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Subject: More theorems to try to prove
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Here are the proofs of the theorems that I posted for practice earlier
this week.
For each of these, first try to represent the proposition in FOPL.
Then try to prove it.
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1. If n+1 is an odd integer, then n+3 is an odd integer.
Representation: Let the domain be Z = {x | x is an integer}
Let Odd(x) = x is odd
An[Odd(n+1) -> Odd(n+3)]
Proof:
Choose an arbitrary n in Z and show Odd(n+1) -> Odd(n+3).
This is of the form P -> Q. Let's try direct proof:
Suppose Odd(n+1) & show Odd(n+3).
Replace "Odd" with (one of) its definition(s):
Odd(n) =def Ek[n = 2k+1].
We are assuming Odd(n+1), so Ek[n+1 = 2k+1].
Existentially instantiate this to "k".
Therefore, n+1 = 2k+1; so n=2k (call this equation 1).
We need to show Odd(n+3), i.e., we need to show Ej[n+3= 2j+1].
I.e., we need to try to find some j such that n+3 = 2j+1:
But n+3 = 2k + 3, substituting from equation 1.
And 2k+3 = 2k + 2 + 1 = 2(k+1) + 1.
Take j = k+1. QED.
The above proof is a long-winded, verbose proof that a logician or
computer might give. Here's a shorter, swifter version such as a
mathematician might give:
Choose an arbitrary n in Z and show Odd(n+1) -> Odd(n+3).
Odd(n+1), so n+1 = 2k+1 for some k.
Therefore, n = 2k.
Therefore, n+3 = 2k + 3 = 2(k+1) +1, which shows that n+3 is odd. QED
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2. If x and y are odd integers, then 3x+2y is an odd integer.
Representation: Domain and predicate as above.
AxAy[Odd(x) ^ Odd(y) -> Odd(3x+2y)]
Proof (this one will be somewhere between a wordy logical proof and a
sloppy mathematical proof):
Suppose Odd(x).
Suppose Odd(y).
Show Odd(3x+2y):
x = 2k+1, for some k
y = 2j+1, for some j
3x+2y = 3(2k+1) + 2(2j+1) = 6k + 3 + 4j + 2 = 6k + 4j + 4 + 1
= 2(3k+2j+2) + 1, which is of the form 2x+1, hence odd.
QED
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3. n is odd iff 5n+3 is even
Representation: As above, plus: Even(x) = x is even
An[Odd(n) <-> Even(5n+3)]
Proof:
This is a biconditional; hence, we must show two things:
(a) Odd(n) -> Even(5n+3)
(b) Even(5n+3) -> Odd(n)
proof of (a): Suppose Odd(n) & show Even(5n+3).
n = 2k+1 for some k
Show 5n+3 = 2j for some j
(because Even(x) =def Ey[x=2y])
5n+3 = 5(2k+1) + 3 = 10k + 5 + 3 = 2(5k+4),
which is even. QED
proof of (b): Let's start by trying a direct proof:
Suppose Even(5n+3) & show Odd(n):
5n+3 = 2k for some k.
so, n = (2k-3)/5.
Whoa! (that's NOT a mathematical term :-)
fractions are too hard to think about!
So let's try an **indirect** proof!
In fact, let's try a proof by contraposition:
Suppose -Odd(n) & show -Even(5n+3).
I.e., suppose Even(n) & show Odd(5n+3)
(because Even(n) equiv -Odd(n)--I hope you know that!)
n = 2k for some k
So, 5n+3 = 5(2k)+3 = 10k + 2 + 1 = 2(5k+1) + 1,
which is odd.
QED
QED.
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4. For all real numbers x and y, max(x,y) = (x + y + |x-y|)/2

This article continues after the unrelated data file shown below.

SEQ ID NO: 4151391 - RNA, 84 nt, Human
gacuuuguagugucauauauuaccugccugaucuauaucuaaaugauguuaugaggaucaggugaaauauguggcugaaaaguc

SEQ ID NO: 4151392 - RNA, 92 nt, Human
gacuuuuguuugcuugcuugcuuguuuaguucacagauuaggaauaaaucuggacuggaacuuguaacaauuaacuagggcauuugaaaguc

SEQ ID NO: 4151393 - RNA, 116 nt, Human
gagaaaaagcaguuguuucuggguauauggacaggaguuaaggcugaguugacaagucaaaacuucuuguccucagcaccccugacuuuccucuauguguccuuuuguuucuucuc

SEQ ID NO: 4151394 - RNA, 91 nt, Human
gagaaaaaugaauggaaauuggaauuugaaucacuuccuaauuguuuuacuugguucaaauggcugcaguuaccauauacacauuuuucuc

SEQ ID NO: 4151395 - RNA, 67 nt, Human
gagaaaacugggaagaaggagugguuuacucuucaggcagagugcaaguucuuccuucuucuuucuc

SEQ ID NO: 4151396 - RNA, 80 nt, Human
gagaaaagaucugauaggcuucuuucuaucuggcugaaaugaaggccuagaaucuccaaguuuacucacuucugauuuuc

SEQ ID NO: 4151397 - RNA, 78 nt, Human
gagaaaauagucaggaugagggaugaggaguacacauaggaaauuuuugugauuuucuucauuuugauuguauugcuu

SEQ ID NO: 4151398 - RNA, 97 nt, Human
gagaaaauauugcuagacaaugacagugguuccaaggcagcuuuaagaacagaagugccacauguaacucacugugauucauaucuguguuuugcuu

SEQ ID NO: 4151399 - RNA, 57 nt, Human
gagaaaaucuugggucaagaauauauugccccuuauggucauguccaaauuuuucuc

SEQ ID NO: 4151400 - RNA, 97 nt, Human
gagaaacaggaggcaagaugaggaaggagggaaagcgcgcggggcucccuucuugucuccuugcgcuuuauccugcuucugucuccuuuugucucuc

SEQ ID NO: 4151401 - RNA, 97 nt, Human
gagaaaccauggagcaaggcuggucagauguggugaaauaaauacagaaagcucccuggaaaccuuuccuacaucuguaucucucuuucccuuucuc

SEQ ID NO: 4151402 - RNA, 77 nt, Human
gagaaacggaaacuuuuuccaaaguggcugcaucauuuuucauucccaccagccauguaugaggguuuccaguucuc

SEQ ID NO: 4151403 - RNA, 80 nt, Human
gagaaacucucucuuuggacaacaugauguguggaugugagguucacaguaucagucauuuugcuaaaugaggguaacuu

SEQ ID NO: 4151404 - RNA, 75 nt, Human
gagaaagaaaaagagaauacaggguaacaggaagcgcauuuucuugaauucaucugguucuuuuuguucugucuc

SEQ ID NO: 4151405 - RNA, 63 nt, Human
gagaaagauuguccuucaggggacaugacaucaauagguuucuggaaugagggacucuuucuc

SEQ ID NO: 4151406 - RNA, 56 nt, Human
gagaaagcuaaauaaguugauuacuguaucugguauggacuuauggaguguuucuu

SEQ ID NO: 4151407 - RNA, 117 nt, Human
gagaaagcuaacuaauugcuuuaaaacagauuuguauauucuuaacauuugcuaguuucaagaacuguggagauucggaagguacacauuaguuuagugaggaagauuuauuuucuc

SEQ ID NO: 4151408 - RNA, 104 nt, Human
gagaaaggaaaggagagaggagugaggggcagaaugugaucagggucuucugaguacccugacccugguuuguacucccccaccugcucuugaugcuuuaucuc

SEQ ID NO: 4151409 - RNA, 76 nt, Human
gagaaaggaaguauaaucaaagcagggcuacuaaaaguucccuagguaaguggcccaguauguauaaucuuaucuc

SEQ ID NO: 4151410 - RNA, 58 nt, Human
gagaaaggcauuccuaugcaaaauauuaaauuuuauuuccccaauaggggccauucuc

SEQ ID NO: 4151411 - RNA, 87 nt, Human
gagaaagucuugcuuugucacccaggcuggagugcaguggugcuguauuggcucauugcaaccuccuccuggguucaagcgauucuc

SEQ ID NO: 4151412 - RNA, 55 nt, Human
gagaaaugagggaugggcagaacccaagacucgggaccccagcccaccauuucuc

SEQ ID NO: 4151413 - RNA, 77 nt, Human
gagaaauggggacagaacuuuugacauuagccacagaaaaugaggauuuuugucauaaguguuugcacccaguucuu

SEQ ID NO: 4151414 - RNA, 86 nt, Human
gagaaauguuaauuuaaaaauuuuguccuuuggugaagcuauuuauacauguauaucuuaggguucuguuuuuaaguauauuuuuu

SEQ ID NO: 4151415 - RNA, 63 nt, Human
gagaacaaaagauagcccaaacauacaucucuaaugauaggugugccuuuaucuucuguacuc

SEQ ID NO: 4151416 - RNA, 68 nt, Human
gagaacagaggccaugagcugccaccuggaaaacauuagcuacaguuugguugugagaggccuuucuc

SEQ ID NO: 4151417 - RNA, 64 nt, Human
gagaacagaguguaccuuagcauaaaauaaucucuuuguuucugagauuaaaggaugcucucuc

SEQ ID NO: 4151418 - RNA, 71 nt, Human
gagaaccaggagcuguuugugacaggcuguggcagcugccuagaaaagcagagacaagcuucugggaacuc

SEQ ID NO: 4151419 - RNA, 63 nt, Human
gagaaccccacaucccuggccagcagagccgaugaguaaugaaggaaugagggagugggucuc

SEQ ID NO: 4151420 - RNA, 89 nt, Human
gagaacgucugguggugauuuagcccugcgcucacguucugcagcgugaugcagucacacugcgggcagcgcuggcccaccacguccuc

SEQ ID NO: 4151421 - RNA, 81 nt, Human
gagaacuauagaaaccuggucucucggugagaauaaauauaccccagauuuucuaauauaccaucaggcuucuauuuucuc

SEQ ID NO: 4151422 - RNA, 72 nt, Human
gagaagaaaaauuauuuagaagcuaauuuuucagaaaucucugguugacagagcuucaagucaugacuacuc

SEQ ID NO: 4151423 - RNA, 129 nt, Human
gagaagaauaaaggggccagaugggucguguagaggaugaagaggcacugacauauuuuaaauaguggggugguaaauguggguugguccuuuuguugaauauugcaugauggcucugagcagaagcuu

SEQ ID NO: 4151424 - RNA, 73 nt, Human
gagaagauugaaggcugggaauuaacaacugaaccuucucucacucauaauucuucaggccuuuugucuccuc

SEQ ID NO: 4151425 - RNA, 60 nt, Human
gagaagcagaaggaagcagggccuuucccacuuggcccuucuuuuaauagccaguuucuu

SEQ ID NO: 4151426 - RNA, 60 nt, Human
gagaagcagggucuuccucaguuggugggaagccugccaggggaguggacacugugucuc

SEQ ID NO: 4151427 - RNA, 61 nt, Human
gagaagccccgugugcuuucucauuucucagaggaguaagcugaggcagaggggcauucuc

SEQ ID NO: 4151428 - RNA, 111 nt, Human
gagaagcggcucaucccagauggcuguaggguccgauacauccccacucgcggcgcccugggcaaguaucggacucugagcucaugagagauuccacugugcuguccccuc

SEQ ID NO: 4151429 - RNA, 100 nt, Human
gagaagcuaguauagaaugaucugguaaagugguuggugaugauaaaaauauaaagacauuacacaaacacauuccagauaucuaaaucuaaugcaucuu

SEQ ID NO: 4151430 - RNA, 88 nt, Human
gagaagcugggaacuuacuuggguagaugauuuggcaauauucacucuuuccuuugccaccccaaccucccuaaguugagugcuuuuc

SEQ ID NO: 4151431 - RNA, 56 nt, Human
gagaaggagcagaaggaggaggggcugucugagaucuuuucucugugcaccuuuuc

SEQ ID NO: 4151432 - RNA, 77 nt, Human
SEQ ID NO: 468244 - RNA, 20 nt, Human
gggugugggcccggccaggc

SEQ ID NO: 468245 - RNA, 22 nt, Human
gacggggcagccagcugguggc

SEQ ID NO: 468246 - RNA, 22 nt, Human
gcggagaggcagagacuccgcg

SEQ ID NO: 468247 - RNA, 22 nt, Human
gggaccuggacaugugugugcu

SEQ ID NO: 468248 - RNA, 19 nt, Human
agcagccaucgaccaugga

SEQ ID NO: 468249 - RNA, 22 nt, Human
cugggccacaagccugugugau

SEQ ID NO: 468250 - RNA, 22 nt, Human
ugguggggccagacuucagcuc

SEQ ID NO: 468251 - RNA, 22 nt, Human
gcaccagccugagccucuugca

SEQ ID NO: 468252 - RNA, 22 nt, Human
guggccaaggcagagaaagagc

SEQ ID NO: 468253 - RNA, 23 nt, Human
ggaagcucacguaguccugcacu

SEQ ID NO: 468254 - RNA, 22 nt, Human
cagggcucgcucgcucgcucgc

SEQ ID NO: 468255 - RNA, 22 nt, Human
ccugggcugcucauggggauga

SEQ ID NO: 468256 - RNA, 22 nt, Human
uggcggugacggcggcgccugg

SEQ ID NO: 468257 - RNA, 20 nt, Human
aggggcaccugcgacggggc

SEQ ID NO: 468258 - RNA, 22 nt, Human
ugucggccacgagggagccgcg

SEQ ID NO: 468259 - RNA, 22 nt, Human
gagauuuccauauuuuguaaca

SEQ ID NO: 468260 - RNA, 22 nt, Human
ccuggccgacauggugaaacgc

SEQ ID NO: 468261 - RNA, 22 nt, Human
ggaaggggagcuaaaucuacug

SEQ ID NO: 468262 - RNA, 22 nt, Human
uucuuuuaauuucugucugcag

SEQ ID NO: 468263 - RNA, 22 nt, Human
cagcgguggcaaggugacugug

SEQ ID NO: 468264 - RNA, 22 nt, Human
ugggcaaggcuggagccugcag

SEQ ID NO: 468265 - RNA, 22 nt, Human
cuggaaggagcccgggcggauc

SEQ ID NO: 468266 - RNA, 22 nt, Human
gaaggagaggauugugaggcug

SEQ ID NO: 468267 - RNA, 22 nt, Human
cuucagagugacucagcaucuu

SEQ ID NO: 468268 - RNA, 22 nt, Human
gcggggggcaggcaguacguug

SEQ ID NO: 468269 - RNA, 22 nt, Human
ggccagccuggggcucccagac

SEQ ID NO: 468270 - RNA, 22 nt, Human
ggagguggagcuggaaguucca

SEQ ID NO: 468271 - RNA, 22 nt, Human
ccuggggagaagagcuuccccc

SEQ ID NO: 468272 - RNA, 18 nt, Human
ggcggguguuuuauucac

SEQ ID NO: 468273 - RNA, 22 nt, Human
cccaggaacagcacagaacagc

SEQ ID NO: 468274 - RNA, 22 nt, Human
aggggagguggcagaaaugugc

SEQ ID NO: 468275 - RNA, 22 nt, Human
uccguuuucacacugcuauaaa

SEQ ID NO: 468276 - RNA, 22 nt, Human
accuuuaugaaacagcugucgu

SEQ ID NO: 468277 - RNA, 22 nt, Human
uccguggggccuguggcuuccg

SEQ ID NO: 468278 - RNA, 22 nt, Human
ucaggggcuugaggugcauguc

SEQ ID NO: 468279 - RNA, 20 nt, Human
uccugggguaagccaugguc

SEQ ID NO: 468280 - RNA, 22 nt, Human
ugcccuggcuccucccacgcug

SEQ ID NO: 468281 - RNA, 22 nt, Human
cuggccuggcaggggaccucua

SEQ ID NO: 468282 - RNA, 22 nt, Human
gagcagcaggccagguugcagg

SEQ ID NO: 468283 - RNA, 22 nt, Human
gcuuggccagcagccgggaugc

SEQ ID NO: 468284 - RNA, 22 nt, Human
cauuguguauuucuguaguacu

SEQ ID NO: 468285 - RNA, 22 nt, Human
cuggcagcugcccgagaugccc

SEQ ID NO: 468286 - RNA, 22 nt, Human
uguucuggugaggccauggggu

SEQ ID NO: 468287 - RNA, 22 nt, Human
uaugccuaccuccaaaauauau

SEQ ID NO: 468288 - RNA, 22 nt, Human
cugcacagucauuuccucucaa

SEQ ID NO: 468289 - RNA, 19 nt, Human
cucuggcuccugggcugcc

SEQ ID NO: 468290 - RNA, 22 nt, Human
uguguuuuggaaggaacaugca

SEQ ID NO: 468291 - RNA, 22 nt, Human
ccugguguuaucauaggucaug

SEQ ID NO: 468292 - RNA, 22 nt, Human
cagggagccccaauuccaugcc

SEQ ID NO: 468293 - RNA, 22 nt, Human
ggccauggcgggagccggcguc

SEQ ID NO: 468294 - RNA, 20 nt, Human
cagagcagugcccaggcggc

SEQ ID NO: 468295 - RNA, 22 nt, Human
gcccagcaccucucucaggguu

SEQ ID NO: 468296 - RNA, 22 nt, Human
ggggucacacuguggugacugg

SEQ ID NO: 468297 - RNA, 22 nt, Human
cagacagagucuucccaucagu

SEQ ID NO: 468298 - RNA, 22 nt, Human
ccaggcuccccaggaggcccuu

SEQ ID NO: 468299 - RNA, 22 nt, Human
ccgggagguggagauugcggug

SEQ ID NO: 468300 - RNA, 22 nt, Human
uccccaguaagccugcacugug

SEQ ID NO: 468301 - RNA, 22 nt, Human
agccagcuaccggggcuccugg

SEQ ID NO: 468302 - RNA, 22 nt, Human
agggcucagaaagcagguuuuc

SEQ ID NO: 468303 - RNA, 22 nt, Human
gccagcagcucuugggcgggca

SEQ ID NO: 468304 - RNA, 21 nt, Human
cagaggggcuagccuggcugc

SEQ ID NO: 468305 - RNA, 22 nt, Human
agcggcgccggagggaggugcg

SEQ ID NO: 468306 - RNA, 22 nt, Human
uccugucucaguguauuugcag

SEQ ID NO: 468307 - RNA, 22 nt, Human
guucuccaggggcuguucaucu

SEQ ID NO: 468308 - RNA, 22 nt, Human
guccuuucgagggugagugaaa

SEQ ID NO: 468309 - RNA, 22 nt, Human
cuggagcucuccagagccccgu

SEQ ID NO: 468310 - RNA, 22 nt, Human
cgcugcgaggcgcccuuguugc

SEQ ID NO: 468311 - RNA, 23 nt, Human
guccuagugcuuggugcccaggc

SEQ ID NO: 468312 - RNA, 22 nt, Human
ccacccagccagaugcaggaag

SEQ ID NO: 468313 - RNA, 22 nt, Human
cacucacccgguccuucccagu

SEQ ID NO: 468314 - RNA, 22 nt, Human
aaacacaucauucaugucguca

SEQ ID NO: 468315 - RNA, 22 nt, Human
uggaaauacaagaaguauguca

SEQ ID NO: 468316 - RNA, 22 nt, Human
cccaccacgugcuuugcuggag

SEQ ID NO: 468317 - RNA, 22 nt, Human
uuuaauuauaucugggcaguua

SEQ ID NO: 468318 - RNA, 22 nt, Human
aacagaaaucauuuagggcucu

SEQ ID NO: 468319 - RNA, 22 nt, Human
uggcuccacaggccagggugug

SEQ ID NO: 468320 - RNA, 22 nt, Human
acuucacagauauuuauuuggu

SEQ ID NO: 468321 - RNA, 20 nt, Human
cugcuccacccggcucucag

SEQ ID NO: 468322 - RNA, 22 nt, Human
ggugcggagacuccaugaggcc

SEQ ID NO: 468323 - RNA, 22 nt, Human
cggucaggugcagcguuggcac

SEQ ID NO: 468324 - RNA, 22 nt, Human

Representation: Domain = R
AxAy[max(x,y) = (x + y + |x-y|)/2]
Proof:
Well, that representation didn't really help very much, did it?
What to do? Well, whenever you talk about "max" (the maximum
function), you're talking about < (or >). And when you do that,
there are 3 possibilities for any 2 numbers x,y:
x=y
x>y
xy. We know ahead of time that the answer should be x.
max(x,y) = (x + y + |x-y|)/2 = (x + y + (x-y))/2
= (x + y + x - y)/2 = 2x/2 = x. Checks out again!
Case (c): x Ek[x sup 2 = 8k+1]]
Proof:
Suppose Odd(x) & show Ek[x sup 2 = 8k+1].
i.e., try to find k such that x sup 2 = 8k+1:
x = 2y+1, for some y
so, x sup 2 = (2y+1) sup 2 = 4(y sup 2) + 4y + 1.
We have to show that this polynomial can be written
in the form "8k+1" for some k.
But that means that we only have to show that 4(y sup 2) + 4y
is of the form 8k!
Now 4(y sup 2) + 4y = 4y(y+1).
Here's an interesting fact: y and y+1 are consecutive integers!
(in fact, using our terminology from Peano's axioms, y+1 is y's
successor).
But that means that one of them (we don't know or care which)
is odd and the other one is even.
And **that** means that their product is even (I think you
proved that for an earlier HW; if not, you should try to
prove it now!)
i.e., y(y+1) = 2m, for some m.
So: 4(y sup 2) + 4y = 4y(y+1) = 4*2m, for some m
But 4*2m = 8m. QED
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6. Any 3 reals such that each is less than the sum of the other two
are all positive.
Representation: AxAyAz[((x < y+z) ^ (y < x+z) ^ (z < x+y)) ->
((x>0) ^ (y>0) ^ (z>0))]
Proof:
Let a,b,c be 3 reals that satisfy the antecedent.
Show that they are all > 0.
Because a < b+c and b < a+c, it follows that a < (a+c) + c = a + 2c
I.e., a < a + 2c
Subtracting a from both sides, we get 0 < 2c, which implies c>0.
We can repeat this proof, changing whatever needs to be changed, two
more times in order to derive a>0 and then to derive b>0.
The formal mathematical way to say this is:
"without loss of generality, it follows mutatis mutandis, that a,b>0".
("mutatis mutandis" is Latin for "changing whatever needs to be changed")
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